The five revenue recognition steps of IFRS 15 – and how to apply them.
IFRS 15 became mandatory for accounting periods beginning on or after 1 January 2018. As entities and groups using the international accounting framework leave the old regime behind, let’s look at the more prescriptive new standard.
Changes, which include replacing the concept of transfer of ‘risks and rewards’ with ‘control’ and the introduction of ‘performance obligations’ alongside extensive disclosures, are likely to put more pressure on accountants and auditors to closely evaluate client contracts and challenge directors' judgements.
Here, we summarise the following five steps of revenue recognition and illustrative practical application for the most common scenarios:
New contracts may arise when terms of existing contracts are modified. Contract modifications:
The following are examples of circumstances which do not give rise to a performance obligation:
Identifying performance obligations may result in unbundling contracts into performance obligations, or combining contracts into a performance obligation, to recognise revenue correctly.
Unbundling a contract may apply when incentives are offered at the time of sale, such as free servicing or enhanced warranties. In this case servicing and warranties are performance obligations that are distinct and revenue relating to them needs to be recognised separately from the goods or services promised on the contract to which they relate.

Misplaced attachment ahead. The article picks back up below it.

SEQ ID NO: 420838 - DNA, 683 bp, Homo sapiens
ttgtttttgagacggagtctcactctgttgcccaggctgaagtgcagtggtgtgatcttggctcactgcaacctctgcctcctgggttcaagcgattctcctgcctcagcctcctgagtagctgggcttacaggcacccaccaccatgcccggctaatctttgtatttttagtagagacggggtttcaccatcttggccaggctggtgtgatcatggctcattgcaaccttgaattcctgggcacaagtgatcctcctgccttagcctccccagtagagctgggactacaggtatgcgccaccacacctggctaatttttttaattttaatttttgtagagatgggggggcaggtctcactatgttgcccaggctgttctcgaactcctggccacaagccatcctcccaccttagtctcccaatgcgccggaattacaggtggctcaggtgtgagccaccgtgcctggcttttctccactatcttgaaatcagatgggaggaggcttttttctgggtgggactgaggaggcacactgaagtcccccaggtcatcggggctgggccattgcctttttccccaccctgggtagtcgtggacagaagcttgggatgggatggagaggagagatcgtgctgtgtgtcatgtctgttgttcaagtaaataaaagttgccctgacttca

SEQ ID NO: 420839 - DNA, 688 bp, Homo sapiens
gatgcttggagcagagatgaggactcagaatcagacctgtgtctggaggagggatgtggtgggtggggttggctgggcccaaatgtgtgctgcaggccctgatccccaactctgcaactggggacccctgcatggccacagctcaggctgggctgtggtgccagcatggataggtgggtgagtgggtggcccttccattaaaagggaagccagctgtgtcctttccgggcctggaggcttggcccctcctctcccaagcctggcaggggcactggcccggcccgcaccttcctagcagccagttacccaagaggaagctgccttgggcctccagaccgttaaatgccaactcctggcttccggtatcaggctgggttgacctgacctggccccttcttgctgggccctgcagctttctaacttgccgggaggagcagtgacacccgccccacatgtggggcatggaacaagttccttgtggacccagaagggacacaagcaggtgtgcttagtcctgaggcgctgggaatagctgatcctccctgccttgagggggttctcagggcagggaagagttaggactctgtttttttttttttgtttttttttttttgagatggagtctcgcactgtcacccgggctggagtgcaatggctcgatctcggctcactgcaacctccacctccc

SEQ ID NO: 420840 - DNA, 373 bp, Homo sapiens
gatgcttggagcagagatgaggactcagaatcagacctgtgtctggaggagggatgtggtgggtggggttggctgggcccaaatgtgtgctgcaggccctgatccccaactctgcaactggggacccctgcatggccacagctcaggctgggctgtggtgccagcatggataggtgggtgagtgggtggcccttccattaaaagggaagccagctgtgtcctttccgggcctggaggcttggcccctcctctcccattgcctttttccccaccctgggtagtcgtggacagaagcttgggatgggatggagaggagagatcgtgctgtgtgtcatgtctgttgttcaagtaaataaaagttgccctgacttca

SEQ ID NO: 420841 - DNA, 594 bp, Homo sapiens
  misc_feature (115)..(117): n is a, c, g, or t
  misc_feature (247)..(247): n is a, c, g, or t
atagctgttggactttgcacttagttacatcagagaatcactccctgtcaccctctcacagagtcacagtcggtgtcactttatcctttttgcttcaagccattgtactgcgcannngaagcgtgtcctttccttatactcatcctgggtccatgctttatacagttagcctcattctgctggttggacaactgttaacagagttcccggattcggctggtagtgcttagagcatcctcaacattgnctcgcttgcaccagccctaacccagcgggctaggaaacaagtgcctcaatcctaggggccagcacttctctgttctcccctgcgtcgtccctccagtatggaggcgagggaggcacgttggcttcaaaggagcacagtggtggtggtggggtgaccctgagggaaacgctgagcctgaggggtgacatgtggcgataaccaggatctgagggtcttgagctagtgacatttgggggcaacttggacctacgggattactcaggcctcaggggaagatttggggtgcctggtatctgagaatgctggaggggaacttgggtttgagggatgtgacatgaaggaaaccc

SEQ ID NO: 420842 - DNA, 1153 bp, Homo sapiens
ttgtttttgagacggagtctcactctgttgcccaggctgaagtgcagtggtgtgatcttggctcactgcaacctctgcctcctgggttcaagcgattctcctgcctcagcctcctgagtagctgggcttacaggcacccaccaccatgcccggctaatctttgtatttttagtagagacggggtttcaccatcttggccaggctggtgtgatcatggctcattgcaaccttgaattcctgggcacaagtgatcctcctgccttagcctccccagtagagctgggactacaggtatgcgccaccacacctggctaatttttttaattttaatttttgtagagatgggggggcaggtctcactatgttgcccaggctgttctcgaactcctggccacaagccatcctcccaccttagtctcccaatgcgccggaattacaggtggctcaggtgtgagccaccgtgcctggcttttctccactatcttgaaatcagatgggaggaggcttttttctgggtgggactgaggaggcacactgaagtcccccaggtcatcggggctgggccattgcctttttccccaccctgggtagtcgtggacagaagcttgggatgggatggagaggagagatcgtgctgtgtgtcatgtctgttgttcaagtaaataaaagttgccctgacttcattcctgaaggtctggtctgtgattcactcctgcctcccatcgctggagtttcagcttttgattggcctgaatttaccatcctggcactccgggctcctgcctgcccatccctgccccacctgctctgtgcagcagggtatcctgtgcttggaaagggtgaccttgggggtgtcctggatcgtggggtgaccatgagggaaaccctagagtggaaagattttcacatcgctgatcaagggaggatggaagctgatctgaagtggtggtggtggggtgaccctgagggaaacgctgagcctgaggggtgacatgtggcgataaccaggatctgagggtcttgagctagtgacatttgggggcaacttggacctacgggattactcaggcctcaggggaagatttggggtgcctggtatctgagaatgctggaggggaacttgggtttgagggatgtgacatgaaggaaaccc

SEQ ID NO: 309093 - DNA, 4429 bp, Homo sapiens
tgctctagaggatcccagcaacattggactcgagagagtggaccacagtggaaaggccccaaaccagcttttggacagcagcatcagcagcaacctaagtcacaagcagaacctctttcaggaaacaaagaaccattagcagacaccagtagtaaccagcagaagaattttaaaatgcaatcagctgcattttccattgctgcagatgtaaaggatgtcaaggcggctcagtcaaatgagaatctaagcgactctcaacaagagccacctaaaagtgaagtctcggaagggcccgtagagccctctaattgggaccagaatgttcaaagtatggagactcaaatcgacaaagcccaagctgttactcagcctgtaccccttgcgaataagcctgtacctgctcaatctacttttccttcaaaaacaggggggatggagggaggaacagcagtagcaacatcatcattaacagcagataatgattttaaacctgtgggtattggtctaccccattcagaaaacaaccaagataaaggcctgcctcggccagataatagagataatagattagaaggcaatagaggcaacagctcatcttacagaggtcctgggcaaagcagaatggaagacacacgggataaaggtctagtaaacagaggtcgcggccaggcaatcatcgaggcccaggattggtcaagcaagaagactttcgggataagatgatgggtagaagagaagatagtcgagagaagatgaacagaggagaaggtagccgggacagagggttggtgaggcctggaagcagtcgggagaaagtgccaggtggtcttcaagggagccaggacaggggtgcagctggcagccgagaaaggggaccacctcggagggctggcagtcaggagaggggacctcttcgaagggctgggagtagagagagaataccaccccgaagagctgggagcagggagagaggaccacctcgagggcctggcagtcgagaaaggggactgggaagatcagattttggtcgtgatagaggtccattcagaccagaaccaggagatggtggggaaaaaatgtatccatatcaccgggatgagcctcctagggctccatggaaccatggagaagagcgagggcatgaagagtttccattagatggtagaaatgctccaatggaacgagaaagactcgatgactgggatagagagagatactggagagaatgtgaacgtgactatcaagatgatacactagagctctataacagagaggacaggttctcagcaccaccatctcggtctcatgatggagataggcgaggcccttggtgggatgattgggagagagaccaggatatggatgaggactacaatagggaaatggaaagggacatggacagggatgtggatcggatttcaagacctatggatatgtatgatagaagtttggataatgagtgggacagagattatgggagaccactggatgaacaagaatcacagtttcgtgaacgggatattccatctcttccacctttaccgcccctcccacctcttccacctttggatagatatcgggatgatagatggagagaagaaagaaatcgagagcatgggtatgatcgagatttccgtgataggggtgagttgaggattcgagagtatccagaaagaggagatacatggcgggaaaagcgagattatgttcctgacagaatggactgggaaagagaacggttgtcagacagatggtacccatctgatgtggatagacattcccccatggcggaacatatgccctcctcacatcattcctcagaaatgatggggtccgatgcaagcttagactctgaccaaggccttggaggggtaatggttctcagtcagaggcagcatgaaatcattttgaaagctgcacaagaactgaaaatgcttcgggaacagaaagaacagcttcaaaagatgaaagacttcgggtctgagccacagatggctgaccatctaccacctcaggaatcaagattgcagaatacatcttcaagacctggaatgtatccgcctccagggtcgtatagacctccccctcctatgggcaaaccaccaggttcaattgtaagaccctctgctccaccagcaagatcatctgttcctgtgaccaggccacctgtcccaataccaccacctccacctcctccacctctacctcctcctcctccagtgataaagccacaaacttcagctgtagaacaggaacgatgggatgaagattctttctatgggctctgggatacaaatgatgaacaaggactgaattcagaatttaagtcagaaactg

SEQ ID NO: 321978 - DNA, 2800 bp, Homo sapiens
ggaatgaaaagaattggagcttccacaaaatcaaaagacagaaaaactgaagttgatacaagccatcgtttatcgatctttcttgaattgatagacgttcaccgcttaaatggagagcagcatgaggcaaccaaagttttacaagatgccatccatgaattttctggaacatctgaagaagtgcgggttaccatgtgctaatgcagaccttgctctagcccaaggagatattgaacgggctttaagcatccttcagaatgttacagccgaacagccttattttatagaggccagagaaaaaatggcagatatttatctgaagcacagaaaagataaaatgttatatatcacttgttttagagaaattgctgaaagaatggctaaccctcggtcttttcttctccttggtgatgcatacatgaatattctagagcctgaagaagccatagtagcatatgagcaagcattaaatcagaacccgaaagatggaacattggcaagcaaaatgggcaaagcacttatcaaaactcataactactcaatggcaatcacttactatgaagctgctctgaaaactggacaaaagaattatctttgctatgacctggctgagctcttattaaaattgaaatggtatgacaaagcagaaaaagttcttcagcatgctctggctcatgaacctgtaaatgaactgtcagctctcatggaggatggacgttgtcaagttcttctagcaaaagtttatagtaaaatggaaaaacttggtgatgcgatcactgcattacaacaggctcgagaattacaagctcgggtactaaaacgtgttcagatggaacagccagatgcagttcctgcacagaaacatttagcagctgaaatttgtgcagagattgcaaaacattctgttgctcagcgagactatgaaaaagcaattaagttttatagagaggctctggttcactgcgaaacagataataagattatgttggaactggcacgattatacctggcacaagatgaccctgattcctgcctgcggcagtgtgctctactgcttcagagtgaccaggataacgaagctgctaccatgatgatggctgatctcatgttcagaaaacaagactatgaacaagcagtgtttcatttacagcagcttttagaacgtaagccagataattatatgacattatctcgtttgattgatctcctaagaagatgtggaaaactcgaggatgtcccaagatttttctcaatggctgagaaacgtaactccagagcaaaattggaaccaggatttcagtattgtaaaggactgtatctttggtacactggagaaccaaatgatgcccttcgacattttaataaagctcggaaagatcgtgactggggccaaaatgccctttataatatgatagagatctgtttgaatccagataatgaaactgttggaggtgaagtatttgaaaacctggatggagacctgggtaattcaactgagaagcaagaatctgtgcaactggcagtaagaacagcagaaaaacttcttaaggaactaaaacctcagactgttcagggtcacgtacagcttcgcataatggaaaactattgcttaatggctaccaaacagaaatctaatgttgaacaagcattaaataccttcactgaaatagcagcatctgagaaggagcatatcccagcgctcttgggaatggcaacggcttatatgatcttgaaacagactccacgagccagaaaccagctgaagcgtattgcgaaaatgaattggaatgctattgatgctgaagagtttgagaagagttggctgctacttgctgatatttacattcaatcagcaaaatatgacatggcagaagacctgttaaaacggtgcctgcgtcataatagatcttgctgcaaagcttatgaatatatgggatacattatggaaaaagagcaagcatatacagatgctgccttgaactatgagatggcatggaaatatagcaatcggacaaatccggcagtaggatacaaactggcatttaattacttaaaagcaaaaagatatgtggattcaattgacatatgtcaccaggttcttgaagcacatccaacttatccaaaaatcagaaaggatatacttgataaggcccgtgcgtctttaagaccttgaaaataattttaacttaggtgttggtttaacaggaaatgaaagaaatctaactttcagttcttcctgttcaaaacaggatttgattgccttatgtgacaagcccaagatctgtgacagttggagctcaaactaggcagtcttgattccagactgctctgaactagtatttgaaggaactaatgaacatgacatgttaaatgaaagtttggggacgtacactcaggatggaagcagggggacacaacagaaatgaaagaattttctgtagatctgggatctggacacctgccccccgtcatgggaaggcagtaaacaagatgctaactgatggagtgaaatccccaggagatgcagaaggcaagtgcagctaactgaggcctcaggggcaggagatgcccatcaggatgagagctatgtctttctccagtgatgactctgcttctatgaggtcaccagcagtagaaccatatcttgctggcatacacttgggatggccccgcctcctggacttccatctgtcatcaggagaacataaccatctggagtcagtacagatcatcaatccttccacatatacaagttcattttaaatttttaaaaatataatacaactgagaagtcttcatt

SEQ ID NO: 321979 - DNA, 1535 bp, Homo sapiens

Circumstances which could result in contracts being combined:
Variable amounts of consideration:
Adjustments for the effects of the time value of money (a ‘financing component’):
Allocation of transaction price may include allocation of discounts, which are applied:
Variable consideration is applied to a specific performance obligation if:
Contract modifications may require reassessment how consideration is allocated to performance obligations.
Recognition over time applies when:
The vendor’s performance creates an asset, when:
How to recognise revenue over time:
Capitalisation of costs associated with a sale contract (for example bidding costs, sales commission)